Figure 1. Sea ice forming on the shores of Cambridge Bay, Nunavut
Ocean Networks Canada’s (ONC) cabled observatory in Cambridge Bay, Nunavut has been gathering real-time oceanographic data since 2012. This year, the data reveals that sea ice freeze-up occurred on 27 October, the latest date in eight years of monitoring the Arctic Ocean. By comparison, since 2012 the mean or average date of freeze-up is 5 October, a full three weeks earlier than 2020.
Figure 2: This climatology plot shows eight years of seasonal variations in key marine observations. The different plot lines show individual years (grey), mean date (black), plus one standard deviation (red), minus one standard deviation (blue), and present year 2020 (magenta).
“The Arctic is experiencing more rapid climate change than regions at lower latitudes,” says ONC’s associate science director Richard Dewey. “Among the changes are a shrinking ice pack and an extended summer season. A long-standing prediction is that, with warmer temperatures and longer summers, sea-ice melt and sea-ice freeze-up would occur earlier and later in the year, respectively. We now have some direct evidence of this.”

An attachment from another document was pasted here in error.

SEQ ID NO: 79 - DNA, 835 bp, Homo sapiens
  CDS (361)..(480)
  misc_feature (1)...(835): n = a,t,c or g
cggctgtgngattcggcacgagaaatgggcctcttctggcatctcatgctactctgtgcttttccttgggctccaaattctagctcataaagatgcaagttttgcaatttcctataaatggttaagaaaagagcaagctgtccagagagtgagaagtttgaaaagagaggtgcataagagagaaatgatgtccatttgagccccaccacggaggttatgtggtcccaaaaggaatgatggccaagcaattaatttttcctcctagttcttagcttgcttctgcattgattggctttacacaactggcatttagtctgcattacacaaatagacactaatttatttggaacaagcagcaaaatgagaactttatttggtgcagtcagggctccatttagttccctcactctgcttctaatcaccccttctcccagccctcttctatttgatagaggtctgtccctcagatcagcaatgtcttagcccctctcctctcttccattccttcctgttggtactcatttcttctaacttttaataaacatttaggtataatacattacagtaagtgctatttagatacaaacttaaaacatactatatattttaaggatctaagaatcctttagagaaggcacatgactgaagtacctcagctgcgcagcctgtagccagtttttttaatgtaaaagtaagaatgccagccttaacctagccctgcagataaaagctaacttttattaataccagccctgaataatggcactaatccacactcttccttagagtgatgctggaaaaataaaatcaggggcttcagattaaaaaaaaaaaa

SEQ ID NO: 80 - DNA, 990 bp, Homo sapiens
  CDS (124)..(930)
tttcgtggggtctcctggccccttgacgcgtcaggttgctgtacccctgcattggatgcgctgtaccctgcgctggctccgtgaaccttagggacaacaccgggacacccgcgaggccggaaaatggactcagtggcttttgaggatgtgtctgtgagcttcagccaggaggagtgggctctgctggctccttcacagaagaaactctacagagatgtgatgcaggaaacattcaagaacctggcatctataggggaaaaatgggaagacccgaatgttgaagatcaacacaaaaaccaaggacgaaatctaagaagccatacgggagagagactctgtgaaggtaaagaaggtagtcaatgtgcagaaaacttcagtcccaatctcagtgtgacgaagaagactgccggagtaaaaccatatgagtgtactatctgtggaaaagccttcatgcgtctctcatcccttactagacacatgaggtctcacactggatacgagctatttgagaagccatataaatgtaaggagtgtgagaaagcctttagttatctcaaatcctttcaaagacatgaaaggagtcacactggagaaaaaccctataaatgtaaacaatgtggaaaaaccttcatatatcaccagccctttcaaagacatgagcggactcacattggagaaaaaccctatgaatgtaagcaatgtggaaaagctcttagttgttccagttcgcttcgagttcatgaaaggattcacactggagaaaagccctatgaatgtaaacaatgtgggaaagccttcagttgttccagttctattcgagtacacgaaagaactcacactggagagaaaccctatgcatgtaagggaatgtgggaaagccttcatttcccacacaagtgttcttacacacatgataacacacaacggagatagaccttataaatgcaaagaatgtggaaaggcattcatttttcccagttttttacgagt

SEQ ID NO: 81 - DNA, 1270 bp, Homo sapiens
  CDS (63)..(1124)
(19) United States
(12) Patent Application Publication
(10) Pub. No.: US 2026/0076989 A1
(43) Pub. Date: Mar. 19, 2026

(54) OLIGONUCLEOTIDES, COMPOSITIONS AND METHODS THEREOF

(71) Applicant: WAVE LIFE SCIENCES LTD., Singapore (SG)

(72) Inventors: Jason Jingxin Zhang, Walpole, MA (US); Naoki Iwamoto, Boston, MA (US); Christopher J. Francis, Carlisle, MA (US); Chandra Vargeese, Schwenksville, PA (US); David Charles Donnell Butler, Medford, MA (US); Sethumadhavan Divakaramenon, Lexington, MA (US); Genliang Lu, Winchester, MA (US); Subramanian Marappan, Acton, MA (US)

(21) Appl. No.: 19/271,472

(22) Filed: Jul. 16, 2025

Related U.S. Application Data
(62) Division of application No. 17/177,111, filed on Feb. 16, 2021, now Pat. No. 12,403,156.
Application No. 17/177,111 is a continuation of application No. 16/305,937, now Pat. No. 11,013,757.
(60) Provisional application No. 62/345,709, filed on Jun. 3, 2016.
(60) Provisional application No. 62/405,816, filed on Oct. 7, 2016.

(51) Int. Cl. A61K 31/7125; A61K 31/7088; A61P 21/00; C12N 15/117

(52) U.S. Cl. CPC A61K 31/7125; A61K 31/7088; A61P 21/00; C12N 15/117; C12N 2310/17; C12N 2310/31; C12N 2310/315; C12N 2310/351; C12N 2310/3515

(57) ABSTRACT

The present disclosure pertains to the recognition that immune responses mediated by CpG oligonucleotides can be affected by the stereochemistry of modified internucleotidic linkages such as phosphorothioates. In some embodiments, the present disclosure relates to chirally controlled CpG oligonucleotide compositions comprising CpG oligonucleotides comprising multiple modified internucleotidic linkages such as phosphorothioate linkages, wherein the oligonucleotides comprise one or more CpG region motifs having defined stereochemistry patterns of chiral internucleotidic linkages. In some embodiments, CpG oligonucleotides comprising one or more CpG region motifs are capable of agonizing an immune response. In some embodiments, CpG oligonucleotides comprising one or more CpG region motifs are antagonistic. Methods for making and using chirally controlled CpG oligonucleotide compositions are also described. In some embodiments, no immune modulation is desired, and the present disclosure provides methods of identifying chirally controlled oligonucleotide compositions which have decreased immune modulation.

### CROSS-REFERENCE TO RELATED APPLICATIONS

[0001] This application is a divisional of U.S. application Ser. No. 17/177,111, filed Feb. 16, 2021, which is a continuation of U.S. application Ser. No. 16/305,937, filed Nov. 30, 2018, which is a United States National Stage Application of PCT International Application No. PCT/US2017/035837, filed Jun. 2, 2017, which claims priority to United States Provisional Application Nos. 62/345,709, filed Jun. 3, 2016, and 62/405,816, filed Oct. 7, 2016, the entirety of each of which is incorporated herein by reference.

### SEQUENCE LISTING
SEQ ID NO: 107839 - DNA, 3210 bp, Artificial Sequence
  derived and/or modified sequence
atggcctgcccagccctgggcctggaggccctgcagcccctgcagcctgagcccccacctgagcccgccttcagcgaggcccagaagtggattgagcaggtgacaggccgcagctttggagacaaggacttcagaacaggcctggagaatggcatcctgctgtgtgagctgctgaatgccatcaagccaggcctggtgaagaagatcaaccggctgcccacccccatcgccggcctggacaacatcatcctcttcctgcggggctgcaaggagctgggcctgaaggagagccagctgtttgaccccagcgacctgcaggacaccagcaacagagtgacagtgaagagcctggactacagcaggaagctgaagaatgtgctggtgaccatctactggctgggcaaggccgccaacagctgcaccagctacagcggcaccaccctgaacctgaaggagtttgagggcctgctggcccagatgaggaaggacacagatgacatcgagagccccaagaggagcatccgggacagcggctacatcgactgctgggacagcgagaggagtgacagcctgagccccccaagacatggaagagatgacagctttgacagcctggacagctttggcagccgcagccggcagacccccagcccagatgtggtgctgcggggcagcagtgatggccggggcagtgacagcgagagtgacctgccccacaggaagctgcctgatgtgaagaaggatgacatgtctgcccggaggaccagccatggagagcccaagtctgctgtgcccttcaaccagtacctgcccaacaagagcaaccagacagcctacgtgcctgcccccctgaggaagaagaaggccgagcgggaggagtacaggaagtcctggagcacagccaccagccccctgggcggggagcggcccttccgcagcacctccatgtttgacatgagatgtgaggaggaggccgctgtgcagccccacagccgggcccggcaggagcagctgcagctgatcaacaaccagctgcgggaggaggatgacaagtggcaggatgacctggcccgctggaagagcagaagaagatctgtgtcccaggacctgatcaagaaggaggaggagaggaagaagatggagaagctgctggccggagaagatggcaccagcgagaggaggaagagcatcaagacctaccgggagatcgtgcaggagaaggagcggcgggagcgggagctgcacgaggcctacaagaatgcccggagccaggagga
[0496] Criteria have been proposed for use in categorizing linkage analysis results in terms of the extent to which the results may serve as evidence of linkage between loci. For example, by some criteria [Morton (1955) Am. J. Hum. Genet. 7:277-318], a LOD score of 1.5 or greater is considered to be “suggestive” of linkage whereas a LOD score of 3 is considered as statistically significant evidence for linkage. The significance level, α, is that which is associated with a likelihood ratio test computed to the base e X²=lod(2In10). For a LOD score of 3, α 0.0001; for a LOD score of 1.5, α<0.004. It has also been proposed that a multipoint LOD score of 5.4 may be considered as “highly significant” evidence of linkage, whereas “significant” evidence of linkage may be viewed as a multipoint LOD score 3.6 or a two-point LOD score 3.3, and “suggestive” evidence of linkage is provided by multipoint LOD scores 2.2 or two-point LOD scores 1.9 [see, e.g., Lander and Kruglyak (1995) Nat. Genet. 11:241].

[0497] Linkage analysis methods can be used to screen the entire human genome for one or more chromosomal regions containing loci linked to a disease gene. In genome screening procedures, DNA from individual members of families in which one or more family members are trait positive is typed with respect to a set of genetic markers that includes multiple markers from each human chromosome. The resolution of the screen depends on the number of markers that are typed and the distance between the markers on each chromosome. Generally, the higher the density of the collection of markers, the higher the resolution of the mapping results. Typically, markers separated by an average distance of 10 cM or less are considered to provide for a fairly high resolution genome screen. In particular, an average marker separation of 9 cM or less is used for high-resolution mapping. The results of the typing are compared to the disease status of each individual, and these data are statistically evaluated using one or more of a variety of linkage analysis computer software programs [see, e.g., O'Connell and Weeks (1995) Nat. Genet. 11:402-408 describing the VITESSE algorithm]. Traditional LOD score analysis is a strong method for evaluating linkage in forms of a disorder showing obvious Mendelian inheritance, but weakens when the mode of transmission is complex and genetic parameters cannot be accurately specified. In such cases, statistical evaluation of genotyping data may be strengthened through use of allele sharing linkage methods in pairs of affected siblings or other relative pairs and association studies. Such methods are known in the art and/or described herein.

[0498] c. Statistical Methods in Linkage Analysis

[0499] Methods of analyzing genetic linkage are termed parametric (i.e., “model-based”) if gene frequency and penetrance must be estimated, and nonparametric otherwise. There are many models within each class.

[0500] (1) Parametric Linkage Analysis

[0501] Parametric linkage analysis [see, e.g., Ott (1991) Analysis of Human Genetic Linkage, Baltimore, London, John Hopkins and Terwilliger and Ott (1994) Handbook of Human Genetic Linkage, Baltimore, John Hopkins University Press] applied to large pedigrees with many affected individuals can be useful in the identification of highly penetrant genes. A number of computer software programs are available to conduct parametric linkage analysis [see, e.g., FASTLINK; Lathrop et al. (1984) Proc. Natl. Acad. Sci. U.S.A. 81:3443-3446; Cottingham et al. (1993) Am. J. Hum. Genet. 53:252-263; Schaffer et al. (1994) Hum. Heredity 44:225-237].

Figure 3. Cambridge Bay sea ice draft (blue) and air temperature (red) during late Oct 2020.
The instrument used to measure the sea ice draft—the ice thickness below the surface—is an ASL Environmental Services shallow water ice profiler, which uses sonar and works like an inverted echo sounder (Figure 4).